Articles by Debbie Mickle
Neuroscientist David Eagleman explores the human brain in an epic new PBS series beginning October 14th at 10:00 p.m. on WCVE PBS / WHTJ PBS. The six part series, The Brain with David Eagleman, tells the story of the inner workings of the brain and takes us on a visually spectacular journey into why we feel and think the things we do.
Article by: Jerrold Samford, Environmental Compliance Specialist, Troutman Saunders--A dramatic total lunar eclipse is (pardon the pun) on the horizon for eastern North America. The “partial eclipse” will begin around 8:07 p.m. Sunday night, September 27th. The full eclipse will begin about 9:11 p.m. and the maximum eclipse will be at about 9:47 p.m.. Totality will last an hour and 12 minutes.
Calling all makers and maker wannabes! RVA MakerFest returns to the Science Museum of Virginia on Saturday October 3rd from 10:00 a.m. to 5:00 p.m. This free, family-friendly event features interactive demonstrations in science, art, technology, engineering, sustainability, food, music, crafts, and fashion.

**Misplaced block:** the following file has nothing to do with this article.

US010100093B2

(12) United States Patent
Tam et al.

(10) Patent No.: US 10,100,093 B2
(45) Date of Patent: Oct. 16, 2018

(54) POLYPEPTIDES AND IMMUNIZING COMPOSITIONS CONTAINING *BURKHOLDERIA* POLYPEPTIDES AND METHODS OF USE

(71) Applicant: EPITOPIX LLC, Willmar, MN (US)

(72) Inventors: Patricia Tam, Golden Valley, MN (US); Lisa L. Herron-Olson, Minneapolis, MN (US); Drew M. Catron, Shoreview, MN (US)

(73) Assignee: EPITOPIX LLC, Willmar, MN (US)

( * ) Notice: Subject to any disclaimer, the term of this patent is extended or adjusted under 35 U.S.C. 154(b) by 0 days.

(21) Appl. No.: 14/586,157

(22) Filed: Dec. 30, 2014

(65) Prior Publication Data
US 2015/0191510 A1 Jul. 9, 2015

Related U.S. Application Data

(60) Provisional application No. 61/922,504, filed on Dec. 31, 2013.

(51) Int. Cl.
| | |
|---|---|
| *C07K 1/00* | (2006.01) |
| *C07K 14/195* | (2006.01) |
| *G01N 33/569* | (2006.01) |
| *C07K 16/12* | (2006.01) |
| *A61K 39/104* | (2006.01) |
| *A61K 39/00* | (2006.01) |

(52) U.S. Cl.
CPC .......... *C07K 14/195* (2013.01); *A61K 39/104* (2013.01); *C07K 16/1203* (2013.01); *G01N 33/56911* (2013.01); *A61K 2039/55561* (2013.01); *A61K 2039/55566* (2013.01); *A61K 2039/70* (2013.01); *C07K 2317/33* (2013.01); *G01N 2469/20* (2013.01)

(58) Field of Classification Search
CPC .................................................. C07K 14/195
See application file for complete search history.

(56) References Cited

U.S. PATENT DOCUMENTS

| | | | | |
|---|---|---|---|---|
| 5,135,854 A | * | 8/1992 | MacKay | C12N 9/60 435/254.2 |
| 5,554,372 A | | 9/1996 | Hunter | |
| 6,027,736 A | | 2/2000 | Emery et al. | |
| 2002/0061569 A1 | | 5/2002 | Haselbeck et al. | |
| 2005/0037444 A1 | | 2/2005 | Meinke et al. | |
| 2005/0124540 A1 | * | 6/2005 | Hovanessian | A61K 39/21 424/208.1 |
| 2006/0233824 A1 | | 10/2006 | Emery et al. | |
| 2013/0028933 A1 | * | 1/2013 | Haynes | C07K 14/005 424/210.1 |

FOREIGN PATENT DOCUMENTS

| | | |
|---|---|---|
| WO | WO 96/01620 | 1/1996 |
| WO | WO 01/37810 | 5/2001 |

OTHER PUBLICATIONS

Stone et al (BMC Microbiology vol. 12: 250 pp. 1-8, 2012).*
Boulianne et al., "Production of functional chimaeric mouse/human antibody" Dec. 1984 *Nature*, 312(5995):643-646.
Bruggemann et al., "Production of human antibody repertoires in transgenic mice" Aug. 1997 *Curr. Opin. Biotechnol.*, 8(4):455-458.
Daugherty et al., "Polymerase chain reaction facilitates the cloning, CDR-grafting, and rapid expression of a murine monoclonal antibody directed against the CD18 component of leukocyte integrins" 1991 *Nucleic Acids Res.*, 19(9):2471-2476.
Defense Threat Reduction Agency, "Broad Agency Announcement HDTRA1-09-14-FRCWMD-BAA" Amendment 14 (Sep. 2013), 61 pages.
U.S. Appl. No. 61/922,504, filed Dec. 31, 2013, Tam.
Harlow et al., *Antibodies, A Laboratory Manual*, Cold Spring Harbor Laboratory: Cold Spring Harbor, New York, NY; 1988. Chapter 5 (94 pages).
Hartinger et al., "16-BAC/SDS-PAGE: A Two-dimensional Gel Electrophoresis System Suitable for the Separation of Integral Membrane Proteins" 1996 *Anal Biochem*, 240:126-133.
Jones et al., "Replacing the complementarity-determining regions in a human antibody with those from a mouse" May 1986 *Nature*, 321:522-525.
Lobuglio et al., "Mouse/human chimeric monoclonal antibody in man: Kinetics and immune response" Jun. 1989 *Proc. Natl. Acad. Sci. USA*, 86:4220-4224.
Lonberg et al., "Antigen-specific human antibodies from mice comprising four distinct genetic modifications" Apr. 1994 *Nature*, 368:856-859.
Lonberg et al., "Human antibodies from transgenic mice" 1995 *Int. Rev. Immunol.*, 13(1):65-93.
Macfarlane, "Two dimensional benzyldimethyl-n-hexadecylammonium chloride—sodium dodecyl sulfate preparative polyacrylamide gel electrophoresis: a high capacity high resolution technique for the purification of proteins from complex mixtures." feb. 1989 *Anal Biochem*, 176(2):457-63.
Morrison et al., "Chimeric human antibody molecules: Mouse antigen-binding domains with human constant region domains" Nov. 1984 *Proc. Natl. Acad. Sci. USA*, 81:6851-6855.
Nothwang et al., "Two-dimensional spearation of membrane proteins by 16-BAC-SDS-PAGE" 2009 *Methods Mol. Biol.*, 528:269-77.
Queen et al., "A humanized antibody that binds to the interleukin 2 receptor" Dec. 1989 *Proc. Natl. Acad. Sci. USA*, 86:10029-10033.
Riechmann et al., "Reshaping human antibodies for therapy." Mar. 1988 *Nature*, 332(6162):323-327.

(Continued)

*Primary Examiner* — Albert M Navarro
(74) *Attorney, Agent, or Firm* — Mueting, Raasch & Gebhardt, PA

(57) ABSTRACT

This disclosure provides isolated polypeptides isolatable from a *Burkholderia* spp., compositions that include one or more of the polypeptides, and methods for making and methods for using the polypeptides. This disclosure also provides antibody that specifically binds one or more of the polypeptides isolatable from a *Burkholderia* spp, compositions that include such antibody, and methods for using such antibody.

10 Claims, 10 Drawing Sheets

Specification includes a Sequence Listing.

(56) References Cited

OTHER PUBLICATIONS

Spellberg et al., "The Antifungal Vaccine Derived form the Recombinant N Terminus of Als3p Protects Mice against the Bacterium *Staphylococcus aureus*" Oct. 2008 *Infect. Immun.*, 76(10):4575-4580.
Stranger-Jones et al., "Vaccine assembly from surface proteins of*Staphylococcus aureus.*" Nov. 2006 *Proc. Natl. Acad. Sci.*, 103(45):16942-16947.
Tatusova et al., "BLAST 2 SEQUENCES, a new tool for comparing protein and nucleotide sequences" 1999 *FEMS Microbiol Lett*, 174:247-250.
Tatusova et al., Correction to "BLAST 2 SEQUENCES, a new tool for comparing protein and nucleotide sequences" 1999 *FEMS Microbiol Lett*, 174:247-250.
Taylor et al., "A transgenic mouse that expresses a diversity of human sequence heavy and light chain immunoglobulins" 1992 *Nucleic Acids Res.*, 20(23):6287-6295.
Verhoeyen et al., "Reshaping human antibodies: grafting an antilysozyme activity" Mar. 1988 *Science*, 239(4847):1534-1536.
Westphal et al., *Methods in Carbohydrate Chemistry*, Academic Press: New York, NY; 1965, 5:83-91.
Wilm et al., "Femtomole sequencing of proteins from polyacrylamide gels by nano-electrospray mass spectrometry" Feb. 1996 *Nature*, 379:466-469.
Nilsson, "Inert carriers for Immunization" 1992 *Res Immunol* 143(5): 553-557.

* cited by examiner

Are you fascinated with the idea of humans colonizing Mars? Are you asking yourself - why Mars? Or why should we humans go to Mars at all?
Article by: Karen M. Layou, Ph.D., Professor of Geology, Reynolds Community College -- Are you looking for an outdoor activity for fossil lovers and their families? Get everyone outside for some fossil hunting at York River State Park! Along the banks of the York River, this park is within an hour’s drive from Richmond.
PBS LearningMedia and the Smithsonian Science Education Center today (8/18/15) announced a partnership to bring new digital resources to teachers and students. Beginning today, the professional development series Good Thinking! will now be available on PBS LearningMedia, the media-on-demand service for educators that serves over 1.6 million users across the country.
I woke up at 3:00 a.m.. Why? Fate, I guess. I live near the UR campus under the canopy of a primeval forest. Meteor watching from my backyard doesn’t work very well. The UR campus, however, does offer some decent openings onto the night sky. I parked by the practice fields and looked out. Fortunately, I drive a convertible and was able to recline in the comfort of the car and gaze out. Campus lighting pretty well eliminated a quarter of the sky closest to the horizon on the campus side of the car. The rest of the sky was dark enough.